Dar es Salaam. On April 30 next year, Tanzanians through a referendum will decide if they want the proposed Constitution to be their new and permanent Constitution or not. If they vote for it, then it will be their Constitution for many years to come, affecting not only the current generation, but many others in the future. Subject to referendum results, this proposed Constitution might be the first Constitution, whose enactment involved Tanzanians through several stages as were enshrined in the Constitutional Review Act, 2011 (Cap 83, RE 2012), which, among other things, established the Constitutional Review Commission (CRC) that went around the country collecting public views on the new Constitution.
The second important stage was that of the Constituent Assembly (CA), which was supposed to use the Draft Constitution to prepare the proposed Constitution. Thus, in principle this will be the first people’s Constitution and hence throughout its existence Tanzanians must have the ownership of their Constitution at least to some extent if not the whole document. The CRC knowing that Tanzanians must continue having a say in their Constitution even after being approved through the referendum, provided in the Draft Constitution provisions, which do not give a free hand to parliament to change some of the basic provisions of the Constitution; in particular those, which are considered as the heart of the Constitution.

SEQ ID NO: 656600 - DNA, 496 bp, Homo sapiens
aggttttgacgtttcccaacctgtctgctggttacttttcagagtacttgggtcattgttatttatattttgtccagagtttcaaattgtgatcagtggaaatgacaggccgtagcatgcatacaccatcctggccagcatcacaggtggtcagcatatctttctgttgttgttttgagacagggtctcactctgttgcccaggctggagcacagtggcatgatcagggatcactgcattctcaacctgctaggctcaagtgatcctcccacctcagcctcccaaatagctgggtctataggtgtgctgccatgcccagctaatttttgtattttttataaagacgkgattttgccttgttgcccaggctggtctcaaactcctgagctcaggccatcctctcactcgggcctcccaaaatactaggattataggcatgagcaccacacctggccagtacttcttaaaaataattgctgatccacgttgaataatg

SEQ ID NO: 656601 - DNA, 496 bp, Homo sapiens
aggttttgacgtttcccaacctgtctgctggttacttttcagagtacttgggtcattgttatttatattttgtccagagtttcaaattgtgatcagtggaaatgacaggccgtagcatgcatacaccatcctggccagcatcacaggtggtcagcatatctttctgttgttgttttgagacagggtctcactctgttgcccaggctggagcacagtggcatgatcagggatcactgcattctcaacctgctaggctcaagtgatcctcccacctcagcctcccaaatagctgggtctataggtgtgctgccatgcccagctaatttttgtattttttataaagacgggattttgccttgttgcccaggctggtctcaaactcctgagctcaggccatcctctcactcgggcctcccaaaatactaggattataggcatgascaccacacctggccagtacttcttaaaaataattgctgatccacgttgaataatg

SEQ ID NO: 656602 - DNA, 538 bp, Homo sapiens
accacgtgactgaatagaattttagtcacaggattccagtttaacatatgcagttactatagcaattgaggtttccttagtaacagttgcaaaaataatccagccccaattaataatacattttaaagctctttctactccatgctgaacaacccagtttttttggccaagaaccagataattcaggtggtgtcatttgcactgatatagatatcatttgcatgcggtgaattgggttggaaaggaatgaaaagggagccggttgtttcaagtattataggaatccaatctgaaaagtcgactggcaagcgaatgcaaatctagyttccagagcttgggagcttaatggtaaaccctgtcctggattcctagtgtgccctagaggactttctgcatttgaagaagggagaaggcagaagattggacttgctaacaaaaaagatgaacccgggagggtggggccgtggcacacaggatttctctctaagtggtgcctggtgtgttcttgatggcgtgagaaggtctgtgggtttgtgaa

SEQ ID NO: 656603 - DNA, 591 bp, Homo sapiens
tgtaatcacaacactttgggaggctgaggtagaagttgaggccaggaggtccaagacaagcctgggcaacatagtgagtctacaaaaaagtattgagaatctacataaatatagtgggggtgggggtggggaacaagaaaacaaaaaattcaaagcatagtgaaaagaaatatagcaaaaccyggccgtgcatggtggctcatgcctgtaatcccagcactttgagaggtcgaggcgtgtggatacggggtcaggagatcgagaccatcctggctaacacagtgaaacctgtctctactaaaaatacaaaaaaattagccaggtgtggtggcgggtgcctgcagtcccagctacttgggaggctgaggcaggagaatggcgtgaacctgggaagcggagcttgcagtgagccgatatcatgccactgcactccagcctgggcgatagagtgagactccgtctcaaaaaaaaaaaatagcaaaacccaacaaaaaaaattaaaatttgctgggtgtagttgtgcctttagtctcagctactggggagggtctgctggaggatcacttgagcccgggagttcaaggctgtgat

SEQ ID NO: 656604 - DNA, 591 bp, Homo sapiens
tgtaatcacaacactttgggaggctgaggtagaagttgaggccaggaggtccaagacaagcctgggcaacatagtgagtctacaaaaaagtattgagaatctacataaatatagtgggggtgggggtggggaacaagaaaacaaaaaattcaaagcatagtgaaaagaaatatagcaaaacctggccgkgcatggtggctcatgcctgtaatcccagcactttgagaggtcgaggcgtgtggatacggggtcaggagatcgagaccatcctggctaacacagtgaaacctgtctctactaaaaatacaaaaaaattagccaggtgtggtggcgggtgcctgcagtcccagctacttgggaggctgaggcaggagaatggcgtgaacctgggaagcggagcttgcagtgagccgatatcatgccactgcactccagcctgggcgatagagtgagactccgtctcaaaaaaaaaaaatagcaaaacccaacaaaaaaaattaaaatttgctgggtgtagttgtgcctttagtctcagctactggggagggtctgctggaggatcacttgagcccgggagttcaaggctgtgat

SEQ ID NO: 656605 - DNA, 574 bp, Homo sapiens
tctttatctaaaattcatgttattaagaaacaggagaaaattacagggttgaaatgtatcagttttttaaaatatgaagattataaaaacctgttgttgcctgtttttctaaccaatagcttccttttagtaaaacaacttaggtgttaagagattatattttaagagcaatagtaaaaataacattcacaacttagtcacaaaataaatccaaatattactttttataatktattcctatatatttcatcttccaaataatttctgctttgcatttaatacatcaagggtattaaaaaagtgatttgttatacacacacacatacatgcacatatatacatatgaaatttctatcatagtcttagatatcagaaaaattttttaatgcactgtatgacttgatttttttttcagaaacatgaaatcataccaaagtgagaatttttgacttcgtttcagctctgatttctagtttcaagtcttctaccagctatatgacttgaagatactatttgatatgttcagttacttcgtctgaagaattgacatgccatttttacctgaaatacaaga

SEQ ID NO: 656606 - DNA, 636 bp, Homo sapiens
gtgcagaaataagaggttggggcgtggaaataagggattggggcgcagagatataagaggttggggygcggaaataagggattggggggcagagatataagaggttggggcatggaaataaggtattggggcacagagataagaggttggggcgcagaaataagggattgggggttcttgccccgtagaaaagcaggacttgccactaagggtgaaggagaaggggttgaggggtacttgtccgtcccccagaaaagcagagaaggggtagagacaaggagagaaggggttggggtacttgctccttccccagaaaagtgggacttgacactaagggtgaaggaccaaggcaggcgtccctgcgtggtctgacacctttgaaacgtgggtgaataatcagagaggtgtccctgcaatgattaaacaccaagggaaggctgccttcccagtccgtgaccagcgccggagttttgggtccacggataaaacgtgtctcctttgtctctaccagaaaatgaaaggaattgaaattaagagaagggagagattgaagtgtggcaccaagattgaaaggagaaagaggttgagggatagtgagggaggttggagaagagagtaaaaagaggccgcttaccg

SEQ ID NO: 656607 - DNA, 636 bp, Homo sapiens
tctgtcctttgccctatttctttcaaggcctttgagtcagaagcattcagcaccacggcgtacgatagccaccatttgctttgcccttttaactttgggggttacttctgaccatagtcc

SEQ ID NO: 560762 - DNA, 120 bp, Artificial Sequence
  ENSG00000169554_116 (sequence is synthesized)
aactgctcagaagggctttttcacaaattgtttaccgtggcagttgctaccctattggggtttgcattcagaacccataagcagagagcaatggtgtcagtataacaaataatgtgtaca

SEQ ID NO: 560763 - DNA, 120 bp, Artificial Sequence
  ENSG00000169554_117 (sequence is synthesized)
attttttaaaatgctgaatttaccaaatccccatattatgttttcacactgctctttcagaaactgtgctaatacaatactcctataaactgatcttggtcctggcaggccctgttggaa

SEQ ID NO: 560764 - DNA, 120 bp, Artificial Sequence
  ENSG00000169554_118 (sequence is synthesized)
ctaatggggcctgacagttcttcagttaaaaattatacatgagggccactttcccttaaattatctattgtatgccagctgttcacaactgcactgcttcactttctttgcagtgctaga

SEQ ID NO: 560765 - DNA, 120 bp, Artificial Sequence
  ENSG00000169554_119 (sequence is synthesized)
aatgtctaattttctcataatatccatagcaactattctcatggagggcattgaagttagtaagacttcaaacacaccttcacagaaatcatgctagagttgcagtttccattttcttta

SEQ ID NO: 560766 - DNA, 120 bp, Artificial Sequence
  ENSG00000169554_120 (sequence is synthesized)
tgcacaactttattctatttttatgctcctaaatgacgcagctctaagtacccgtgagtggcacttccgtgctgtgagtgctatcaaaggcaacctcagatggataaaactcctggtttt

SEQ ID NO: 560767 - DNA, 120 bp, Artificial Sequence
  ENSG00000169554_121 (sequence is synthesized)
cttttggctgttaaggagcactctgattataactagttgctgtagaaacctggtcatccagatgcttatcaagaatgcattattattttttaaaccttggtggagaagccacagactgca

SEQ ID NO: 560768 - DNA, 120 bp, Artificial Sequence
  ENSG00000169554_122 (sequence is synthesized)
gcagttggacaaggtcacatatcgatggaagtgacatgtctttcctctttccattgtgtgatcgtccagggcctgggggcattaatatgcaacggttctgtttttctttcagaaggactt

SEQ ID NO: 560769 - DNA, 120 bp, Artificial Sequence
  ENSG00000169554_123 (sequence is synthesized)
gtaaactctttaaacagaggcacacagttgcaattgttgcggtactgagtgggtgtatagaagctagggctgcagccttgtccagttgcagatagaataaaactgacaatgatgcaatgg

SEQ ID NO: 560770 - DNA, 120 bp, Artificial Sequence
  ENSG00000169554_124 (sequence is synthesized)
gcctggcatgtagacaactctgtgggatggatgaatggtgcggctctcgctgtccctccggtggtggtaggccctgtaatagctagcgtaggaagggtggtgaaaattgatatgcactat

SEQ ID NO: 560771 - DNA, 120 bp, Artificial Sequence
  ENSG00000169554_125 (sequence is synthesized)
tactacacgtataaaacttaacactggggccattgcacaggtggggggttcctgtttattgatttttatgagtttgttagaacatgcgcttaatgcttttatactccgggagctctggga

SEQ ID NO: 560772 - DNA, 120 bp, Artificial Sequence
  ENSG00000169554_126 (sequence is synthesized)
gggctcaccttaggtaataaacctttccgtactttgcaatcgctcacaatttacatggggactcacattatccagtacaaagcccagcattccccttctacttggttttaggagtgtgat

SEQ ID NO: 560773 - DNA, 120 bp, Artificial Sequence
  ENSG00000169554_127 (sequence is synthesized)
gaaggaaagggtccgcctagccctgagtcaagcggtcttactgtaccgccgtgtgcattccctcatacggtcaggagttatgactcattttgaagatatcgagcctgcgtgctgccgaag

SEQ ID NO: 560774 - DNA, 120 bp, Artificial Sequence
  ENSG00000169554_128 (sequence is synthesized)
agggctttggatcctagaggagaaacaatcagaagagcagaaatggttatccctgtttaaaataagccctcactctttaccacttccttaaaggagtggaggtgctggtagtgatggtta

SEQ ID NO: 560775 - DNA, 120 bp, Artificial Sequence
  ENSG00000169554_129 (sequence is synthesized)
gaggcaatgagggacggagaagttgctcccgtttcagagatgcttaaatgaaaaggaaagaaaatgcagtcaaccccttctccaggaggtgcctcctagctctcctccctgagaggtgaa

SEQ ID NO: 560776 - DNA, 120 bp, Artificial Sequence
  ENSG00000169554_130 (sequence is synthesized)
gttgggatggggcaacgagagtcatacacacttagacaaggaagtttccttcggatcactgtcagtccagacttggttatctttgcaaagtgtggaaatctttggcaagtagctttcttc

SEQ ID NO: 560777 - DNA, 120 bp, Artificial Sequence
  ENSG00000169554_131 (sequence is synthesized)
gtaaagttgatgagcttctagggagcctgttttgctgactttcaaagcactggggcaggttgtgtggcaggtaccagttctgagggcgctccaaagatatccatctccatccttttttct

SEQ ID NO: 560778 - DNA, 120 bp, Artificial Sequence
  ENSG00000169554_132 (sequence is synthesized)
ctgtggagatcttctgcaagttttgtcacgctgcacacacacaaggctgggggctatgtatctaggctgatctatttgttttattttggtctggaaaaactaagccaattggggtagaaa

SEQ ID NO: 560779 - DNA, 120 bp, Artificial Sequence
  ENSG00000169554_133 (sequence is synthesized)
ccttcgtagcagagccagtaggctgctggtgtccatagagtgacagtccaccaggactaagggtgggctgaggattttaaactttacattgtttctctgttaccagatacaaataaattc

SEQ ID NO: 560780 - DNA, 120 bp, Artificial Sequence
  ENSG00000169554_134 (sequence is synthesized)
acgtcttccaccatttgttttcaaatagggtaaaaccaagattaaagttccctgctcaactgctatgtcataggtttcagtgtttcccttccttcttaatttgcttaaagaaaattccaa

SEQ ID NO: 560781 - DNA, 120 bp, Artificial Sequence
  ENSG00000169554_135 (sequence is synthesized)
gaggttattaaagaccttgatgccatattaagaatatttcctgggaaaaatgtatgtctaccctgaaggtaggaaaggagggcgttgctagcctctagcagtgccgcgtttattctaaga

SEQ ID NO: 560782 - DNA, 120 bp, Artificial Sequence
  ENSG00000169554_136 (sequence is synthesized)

The Draft Constitution provides in Article 119: Bunge halitaweza kufanya mabadiliko ya Katiba kuhusu:
(a) masharti yaliyomo katika Sura ya Kwanza, Sura ya Pili na Sura ya Nne;
(b) masharti ya Ibara ya 60;
(c) masharti ya Ibara ya 79;
(d) kuongeza au kupunguza jambo lolote la Muungano;
(e)uwepo wa Jamhuri ya Muungano;
(f) masharti ya Ibara hii,hadi kwanza mabadiliko hayo yaungwe mkono na theluthi mbili ya
wananchi wa Jamhuri ya Muungano kutoka kila upande waJamhuri ya
Muungano kwa Kura ya Maoni itakayoendeshwa na kusimamiwa na
Tume Huru ya Uchaguzi ya Jamhuri ya Muungano kwa mujibu wa sheria